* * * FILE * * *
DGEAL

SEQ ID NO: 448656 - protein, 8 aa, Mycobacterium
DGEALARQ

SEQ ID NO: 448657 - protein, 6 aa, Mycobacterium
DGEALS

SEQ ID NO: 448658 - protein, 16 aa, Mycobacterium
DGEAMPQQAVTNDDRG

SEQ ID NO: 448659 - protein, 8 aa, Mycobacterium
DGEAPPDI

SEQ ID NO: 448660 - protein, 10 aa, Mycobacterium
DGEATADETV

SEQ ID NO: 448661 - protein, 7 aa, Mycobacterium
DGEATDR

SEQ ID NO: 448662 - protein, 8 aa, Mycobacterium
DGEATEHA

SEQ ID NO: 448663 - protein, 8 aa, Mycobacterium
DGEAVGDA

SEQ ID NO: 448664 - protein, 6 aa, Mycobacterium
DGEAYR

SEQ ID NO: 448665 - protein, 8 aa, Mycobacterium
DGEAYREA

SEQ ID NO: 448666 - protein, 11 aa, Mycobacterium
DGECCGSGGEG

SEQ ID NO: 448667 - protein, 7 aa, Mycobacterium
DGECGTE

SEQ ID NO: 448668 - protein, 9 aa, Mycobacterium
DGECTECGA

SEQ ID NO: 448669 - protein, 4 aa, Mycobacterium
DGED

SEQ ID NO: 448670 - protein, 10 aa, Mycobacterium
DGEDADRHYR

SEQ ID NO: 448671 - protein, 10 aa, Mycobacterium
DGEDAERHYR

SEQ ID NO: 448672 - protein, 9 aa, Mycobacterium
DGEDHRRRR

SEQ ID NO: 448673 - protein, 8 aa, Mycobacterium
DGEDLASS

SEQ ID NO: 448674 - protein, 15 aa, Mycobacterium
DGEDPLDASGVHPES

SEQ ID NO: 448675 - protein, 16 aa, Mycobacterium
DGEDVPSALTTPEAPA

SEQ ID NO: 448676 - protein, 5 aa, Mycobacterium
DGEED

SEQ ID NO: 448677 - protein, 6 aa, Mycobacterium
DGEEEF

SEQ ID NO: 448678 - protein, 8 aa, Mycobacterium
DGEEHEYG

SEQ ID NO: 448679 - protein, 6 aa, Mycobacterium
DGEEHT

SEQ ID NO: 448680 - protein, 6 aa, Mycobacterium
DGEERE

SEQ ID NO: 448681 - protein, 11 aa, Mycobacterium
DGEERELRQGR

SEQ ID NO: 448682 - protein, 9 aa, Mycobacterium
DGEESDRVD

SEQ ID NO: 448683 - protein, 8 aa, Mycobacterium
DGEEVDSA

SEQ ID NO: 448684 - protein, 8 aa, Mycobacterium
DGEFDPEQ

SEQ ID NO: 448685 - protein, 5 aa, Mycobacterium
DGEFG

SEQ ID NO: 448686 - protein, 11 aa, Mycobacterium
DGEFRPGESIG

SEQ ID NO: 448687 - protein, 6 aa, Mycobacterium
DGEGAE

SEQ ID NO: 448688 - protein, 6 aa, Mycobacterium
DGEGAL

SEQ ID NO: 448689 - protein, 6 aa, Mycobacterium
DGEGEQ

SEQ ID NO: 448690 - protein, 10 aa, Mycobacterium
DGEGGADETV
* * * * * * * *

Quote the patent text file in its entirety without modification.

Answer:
DGEAL

SEQ ID NO: 448656 - protein, 8 aa, Mycobacterium
DGEALARQ

SEQ ID NO: 448657 - protein, 6 aa, Mycobacterium
DGEALS

SEQ ID NO: 448658 - protein, 16 aa, Mycobacterium
DGEAMPQQAVTNDDRG

SEQ ID NO: 448659 - protein, 8 aa, Mycobacterium
DGEAPPDI

SEQ ID NO: 448660 - protein, 10 aa, Mycobacterium
DGEATADETV

SEQ ID NO: 448661 - protein, 7 aa, Mycobacterium
DGEATDR

SEQ ID NO: 448662 - protein, 8 aa, Mycobacterium
DGEATEHA

SEQ ID NO: 448663 - protein, 8 aa, Mycobacterium
DGEAVGDA

SEQ ID NO: 448664 - protein, 6 aa, Mycobacterium
DGEAYR

SEQ ID NO: 448665 - protein, 8 aa, Mycobacterium
DGEAYREA

SEQ ID NO: 448666 - protein, 11 aa, Mycobacterium
DGECCGSGGEG

SEQ ID NO: 448667 - protein, 7 aa, Mycobacterium
DGECGTE

SEQ ID NO: 448668 - protein, 9 aa, Mycobacterium
DGECTECGA

SEQ ID NO: 448669 - protein, 4 aa, Mycobacterium
DGED

SEQ ID NO: 448670 - protein, 10 aa, Mycobacterium
DGEDADRHYR

SEQ ID NO: 448671 - protein, 10 aa, Mycobacterium
DGEDAERHYR

SEQ ID NO: 448672 - protein, 9 aa, Mycobacterium
DGEDHRRRR

SEQ ID NO: 448673 - protein, 8 aa, Mycobacterium
DGEDLASS

SEQ ID NO: 448674 - protein, 15 aa, Mycobacterium
DGEDPLDASGVHPES

SEQ ID NO: 448675 - protein, 16 aa, Mycobacterium
DGEDVPSALTTPEAPA

SEQ ID NO: 448676 - protein, 5 aa, Mycobacterium
DGEED

SEQ ID NO: 448677 - protein, 6 aa, Mycobacterium
DGEEEF

SEQ ID NO: 448678 - protein, 8 aa, Mycobacterium
DGEEHEYG

SEQ ID NO: 448679 - protein, 6 aa, Mycobacterium
DGEEHT

SEQ ID NO: 448680 - protein, 6 aa, Mycobacterium
DGEERE

SEQ ID NO: 448681 - protein, 11 aa, Mycobacterium
DGEERELRQGR

SEQ ID NO: 448682 - protein, 9 aa, Mycobacterium
DGEESDRVD

SEQ ID NO: 448683 - protein, 8 aa, Mycobacterium
DGEEVDSA

SEQ ID NO: 448684 - protein, 8 aa, Mycobacterium
DGEFDPEQ

SEQ ID NO: 448685 - protein, 5 aa, Mycobacterium
DGEFG

SEQ ID NO: 448686 - protein, 11 aa, Mycobacterium
DGEFRPGESIG

SEQ ID NO: 448687 - protein, 6 aa, Mycobacterium
DGEGAE

SEQ ID NO: 448688 - protein, 6 aa, Mycobacterium
DGEGAL

SEQ ID NO: 448689 - protein, 6 aa, Mycobacterium
DGEGEQ

SEQ ID NO: 448690 - protein, 10 aa, Mycobacterium
DGEGGADETV